Sysco Files Memorandum Opposing FTC's Motion to Block Merger
Sysco Corporation filed a memorandum opposing the U.S. Federal Trade Commission's (FTC) effort to block its proposed merger with US Foods, a transaction that would make the U.S. foodservice distribution industry more competitive.
Sysco filed the memorandum yesterday in the U.S. Federal District Court for the District of Columbia in opposition to the FTC's motion for preliminary injunction. A hearing on the FTC's motion is scheduled to begin May 5, during which the company intends to emphasize, at minimum, the following points:
- A market for broadline foodservice distribution services for "national customers" does not exist. The foodservice distribution industry is extremely competitive. Customers of all sizes, including the industry's largest customers, have many options from which to choose, including systems distributors, specialty distributors, cash-and-carry stores, and broadline distributors.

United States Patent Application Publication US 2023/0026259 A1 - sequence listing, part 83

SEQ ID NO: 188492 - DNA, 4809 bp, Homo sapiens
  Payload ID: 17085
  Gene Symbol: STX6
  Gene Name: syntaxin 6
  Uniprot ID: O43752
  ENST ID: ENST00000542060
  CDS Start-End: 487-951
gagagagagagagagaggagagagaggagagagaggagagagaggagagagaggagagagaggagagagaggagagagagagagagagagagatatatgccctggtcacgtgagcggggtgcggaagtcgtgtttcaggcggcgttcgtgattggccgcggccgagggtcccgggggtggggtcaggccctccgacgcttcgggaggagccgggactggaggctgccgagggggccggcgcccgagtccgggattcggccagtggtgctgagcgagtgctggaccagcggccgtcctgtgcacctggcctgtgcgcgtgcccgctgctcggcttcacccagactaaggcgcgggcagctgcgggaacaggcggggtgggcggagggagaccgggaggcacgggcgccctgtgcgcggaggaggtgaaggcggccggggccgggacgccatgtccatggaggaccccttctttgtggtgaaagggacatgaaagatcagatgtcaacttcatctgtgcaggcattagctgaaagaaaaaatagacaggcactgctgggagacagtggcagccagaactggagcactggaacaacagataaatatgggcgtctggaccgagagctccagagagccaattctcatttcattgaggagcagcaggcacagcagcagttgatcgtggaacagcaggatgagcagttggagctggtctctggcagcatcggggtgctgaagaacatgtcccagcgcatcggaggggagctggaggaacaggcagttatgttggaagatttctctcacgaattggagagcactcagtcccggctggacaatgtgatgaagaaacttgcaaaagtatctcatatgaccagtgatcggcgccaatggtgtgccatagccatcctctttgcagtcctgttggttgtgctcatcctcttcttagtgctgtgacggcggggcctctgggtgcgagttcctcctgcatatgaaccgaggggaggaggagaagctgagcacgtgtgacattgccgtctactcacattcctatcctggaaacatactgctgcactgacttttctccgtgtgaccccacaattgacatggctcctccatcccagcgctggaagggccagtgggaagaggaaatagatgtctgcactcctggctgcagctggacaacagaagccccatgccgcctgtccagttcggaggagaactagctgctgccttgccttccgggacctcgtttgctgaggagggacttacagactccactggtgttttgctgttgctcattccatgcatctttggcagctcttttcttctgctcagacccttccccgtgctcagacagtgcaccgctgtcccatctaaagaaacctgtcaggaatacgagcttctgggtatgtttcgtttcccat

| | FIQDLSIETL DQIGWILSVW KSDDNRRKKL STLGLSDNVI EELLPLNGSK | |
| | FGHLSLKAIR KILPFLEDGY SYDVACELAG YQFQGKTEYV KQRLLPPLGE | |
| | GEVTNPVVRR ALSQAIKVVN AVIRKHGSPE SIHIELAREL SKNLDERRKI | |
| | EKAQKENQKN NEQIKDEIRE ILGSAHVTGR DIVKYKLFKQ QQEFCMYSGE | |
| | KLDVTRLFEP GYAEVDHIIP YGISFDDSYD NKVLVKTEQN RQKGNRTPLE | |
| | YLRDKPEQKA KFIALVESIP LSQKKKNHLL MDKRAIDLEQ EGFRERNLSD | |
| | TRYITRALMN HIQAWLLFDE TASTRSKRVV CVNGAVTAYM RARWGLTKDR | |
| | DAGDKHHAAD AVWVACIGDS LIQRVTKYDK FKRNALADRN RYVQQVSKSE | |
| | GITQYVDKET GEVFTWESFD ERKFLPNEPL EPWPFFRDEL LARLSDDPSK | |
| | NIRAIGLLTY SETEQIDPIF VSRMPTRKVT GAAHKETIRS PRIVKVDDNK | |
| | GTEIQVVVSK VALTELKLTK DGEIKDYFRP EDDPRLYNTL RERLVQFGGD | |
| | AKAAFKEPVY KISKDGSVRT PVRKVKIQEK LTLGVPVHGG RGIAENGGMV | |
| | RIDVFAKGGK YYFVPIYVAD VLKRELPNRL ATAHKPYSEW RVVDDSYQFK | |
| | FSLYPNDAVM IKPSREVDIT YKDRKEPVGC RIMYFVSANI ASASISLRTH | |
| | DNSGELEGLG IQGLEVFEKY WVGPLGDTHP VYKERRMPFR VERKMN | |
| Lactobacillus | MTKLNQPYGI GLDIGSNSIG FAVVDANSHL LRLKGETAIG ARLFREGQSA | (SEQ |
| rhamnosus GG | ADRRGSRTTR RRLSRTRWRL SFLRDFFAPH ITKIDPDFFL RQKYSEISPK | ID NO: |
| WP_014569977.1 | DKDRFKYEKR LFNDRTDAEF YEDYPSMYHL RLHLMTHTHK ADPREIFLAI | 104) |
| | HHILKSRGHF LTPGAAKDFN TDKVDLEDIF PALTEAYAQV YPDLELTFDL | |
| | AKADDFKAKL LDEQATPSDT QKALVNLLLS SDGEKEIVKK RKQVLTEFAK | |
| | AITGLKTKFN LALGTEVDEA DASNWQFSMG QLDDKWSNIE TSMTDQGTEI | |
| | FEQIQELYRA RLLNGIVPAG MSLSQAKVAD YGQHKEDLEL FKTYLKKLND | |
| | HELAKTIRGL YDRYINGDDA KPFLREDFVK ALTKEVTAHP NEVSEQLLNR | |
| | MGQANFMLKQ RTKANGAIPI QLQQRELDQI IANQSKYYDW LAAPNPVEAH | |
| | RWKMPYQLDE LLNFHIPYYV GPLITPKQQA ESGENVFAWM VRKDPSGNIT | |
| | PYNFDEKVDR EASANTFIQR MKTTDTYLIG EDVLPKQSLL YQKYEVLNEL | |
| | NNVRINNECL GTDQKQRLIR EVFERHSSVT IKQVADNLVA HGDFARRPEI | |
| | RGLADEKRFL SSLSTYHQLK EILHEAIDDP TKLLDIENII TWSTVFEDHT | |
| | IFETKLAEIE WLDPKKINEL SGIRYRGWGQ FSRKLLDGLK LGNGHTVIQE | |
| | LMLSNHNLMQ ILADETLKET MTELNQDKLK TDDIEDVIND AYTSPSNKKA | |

- Local markets are highly competitive. The FTC's flawed logic on the structure of the local foodservice distribution market led to dubious analysis of market share. In one instance, the FTC claims Sysco and US Foods would control 100 percent of the market in San Diego. In reality, more than two dozen companies compete for customers' business in San Diego. Local market dynamics are similar across the U.S.
- Synergies will reduce Sysco's annual costs by at least $600 million. These savings allow the combined company to become more efficient, invest in improved customer service and innovative products, and reduce customer prices, all of which contribute to an even more competitive market.
- A robust, binding divestiture package with Performance Food Group creates a stronger competitor. The proposed sale of facilities in 11 markets to PFG directly addresses FTC concerns that the merger might reduce choice for customers with locations in multiple local markets and regions.
Bill DeLaney, Sysco's president and chief executive officer, says, "We look forward to presenting all of the facts in court and ultimately, through this merger, delivering better service at a lower cost through a more efficient, innovative, and competitive combined company."